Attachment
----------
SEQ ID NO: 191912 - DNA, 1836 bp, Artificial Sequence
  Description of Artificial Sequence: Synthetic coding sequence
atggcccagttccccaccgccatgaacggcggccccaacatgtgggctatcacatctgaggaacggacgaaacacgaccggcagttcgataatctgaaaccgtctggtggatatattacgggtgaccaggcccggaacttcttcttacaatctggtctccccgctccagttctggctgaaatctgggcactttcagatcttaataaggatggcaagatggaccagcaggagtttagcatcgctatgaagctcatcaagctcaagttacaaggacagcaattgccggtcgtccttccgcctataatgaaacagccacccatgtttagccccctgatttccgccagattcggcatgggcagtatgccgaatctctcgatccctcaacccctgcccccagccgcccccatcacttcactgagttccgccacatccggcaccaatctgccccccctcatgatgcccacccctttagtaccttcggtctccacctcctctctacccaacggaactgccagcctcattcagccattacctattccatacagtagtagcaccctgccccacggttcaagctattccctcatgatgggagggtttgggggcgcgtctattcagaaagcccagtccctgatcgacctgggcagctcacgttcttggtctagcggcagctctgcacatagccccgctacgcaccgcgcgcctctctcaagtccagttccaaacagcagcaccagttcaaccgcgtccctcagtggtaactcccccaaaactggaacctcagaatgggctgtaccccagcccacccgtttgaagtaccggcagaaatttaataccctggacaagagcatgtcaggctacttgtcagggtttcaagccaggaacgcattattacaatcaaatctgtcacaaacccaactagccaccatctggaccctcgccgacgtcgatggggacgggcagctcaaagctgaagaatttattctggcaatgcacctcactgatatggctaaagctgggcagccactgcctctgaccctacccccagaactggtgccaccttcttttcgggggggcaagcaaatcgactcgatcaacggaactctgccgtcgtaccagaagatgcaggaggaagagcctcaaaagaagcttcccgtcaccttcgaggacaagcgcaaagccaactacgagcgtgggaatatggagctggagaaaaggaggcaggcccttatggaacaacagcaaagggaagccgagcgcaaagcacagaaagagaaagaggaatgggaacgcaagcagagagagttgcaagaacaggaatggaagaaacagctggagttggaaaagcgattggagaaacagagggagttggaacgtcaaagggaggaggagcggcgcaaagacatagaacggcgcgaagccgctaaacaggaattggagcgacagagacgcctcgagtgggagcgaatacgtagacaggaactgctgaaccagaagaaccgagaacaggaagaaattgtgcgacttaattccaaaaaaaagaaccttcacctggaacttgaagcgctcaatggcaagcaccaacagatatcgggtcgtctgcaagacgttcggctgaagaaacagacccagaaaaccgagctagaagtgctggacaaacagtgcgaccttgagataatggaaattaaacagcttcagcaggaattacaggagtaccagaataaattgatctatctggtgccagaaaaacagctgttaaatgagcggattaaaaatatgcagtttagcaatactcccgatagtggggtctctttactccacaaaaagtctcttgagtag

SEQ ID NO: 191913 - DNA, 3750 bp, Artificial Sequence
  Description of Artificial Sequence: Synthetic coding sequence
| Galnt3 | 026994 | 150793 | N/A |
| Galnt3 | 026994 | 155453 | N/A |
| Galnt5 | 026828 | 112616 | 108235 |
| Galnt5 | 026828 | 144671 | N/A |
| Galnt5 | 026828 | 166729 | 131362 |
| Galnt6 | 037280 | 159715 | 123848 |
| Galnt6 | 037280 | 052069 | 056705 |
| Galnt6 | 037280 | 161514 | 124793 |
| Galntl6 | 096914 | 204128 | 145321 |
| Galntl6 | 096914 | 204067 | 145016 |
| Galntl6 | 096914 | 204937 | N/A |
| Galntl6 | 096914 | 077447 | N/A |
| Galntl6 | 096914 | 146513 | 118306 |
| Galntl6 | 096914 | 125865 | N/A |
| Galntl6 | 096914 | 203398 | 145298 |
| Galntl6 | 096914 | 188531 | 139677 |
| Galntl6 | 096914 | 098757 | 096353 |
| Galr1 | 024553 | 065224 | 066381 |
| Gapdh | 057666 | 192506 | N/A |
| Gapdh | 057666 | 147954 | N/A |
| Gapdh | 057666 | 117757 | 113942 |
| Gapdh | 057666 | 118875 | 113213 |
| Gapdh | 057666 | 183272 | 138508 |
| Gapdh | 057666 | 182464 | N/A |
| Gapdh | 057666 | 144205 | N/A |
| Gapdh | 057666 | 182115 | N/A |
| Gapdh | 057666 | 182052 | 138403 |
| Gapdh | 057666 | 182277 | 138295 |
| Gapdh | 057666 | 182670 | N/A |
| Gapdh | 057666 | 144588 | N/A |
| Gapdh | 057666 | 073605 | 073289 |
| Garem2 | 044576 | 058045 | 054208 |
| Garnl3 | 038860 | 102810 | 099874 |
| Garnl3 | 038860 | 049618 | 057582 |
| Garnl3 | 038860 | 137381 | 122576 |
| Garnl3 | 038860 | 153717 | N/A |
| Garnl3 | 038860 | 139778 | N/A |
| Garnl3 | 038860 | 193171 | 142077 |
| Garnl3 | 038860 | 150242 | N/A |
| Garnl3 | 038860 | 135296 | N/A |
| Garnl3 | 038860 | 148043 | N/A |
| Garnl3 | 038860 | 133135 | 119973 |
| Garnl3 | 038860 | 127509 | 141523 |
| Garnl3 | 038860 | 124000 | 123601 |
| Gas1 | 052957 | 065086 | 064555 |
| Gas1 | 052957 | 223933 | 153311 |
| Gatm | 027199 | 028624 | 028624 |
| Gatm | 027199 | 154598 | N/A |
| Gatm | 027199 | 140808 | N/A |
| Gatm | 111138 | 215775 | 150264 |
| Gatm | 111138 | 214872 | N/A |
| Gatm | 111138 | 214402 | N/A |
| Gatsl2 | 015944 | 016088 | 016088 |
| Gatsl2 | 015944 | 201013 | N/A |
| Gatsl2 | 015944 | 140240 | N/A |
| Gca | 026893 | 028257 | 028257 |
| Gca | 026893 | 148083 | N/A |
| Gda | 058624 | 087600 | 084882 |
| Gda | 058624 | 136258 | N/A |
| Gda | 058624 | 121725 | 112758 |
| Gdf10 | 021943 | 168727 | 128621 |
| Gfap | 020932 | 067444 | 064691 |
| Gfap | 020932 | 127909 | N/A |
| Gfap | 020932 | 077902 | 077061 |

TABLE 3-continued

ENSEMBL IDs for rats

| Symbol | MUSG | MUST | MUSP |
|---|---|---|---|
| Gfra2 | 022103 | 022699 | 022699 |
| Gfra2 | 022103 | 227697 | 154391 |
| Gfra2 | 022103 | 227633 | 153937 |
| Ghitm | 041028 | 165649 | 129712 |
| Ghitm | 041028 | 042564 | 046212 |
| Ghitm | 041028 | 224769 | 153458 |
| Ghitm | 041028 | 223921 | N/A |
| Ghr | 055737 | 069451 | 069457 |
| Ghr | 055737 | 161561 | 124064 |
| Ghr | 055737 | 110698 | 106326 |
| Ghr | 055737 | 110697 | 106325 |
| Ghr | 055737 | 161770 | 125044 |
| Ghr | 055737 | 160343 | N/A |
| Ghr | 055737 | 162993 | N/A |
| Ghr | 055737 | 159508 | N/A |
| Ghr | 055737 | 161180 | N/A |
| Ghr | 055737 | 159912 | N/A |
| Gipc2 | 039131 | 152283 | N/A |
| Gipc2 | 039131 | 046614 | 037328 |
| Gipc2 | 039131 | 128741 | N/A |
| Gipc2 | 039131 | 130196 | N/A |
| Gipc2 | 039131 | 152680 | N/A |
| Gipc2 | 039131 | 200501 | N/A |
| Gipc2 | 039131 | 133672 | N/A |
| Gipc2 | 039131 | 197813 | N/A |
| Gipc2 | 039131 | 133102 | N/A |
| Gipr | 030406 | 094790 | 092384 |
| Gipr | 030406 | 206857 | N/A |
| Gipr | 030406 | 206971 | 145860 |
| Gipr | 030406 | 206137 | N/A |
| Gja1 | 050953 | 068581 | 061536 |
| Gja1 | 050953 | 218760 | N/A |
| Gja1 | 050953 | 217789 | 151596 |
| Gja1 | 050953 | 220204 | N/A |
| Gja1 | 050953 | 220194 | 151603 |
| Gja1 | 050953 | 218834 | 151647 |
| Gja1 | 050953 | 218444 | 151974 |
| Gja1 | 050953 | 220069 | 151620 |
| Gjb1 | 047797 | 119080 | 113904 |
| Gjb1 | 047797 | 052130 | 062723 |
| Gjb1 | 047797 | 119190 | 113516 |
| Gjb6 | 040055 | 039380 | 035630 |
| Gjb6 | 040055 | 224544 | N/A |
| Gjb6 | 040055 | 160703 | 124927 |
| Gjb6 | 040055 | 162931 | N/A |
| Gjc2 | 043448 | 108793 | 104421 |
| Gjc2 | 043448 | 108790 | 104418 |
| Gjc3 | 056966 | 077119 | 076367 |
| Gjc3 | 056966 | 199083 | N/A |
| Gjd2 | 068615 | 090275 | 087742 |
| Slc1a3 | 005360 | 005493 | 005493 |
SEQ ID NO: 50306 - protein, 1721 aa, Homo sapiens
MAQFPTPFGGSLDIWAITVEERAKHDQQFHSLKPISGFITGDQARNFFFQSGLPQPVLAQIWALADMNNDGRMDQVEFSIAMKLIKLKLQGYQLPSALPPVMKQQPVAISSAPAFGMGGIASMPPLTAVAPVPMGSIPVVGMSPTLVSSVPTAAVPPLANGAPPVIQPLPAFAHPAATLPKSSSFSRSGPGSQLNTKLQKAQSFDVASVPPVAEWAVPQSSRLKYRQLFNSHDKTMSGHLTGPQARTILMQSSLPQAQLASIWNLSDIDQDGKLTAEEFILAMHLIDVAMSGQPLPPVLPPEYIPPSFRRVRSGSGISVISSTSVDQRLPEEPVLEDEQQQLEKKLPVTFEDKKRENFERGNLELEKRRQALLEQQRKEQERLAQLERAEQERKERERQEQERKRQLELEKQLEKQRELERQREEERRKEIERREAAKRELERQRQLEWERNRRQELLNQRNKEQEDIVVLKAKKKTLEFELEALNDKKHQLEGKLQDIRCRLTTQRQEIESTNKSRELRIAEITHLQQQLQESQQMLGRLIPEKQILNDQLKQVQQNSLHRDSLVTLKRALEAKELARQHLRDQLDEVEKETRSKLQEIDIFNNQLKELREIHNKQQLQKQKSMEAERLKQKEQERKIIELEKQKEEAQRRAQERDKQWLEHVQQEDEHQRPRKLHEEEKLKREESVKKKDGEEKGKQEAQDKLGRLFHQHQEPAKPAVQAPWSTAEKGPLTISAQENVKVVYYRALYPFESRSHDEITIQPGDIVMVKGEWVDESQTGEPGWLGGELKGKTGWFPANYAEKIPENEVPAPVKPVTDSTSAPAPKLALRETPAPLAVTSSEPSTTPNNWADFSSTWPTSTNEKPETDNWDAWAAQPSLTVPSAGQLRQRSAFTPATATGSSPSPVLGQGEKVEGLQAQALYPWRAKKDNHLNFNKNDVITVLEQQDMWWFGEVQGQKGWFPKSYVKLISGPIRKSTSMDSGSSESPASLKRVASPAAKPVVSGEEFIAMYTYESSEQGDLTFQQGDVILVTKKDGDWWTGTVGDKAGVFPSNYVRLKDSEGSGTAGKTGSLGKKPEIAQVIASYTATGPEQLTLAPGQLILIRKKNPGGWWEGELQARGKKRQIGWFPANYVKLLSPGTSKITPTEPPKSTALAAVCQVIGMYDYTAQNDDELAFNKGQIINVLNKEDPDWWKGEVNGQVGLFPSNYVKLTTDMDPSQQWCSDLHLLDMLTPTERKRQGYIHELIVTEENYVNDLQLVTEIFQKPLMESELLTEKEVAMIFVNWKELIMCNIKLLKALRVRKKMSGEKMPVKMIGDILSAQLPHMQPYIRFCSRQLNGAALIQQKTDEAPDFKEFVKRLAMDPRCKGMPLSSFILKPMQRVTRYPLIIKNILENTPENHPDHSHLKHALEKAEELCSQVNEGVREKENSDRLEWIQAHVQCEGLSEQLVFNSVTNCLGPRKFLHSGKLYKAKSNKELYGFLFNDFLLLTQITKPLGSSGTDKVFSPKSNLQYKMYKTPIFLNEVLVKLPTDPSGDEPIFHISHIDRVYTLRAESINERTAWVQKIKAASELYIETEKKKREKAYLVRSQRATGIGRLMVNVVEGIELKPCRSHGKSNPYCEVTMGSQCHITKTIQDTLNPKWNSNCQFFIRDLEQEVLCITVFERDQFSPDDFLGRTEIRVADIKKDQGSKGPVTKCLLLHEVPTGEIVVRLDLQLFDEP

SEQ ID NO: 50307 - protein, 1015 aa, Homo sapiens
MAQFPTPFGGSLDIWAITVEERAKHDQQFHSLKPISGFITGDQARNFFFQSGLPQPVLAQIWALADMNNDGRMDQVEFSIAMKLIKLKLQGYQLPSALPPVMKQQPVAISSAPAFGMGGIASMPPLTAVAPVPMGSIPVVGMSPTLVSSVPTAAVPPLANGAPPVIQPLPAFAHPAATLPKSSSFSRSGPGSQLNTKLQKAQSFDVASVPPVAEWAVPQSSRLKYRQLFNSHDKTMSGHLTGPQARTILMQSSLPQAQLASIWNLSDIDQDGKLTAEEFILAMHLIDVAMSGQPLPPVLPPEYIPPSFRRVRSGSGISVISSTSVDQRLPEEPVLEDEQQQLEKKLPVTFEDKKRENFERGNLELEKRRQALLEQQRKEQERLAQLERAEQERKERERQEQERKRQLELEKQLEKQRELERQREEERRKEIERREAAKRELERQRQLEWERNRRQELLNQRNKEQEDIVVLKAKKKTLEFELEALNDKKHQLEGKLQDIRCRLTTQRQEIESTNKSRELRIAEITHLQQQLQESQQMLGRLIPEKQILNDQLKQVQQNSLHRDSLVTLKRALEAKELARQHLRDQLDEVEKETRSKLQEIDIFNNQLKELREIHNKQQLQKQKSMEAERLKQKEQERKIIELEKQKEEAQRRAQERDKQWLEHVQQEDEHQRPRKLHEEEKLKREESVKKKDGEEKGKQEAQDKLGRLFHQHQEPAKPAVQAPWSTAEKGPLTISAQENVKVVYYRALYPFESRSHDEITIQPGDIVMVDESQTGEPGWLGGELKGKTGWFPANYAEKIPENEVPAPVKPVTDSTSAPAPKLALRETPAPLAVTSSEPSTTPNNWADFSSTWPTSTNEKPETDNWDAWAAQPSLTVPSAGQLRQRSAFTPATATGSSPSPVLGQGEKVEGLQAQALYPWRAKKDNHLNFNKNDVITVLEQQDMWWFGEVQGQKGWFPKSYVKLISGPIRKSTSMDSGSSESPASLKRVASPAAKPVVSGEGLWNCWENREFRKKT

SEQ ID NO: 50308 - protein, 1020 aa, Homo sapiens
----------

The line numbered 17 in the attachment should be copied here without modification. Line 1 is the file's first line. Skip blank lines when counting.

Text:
| Galntl6 | 096914 | 077447 | N/A |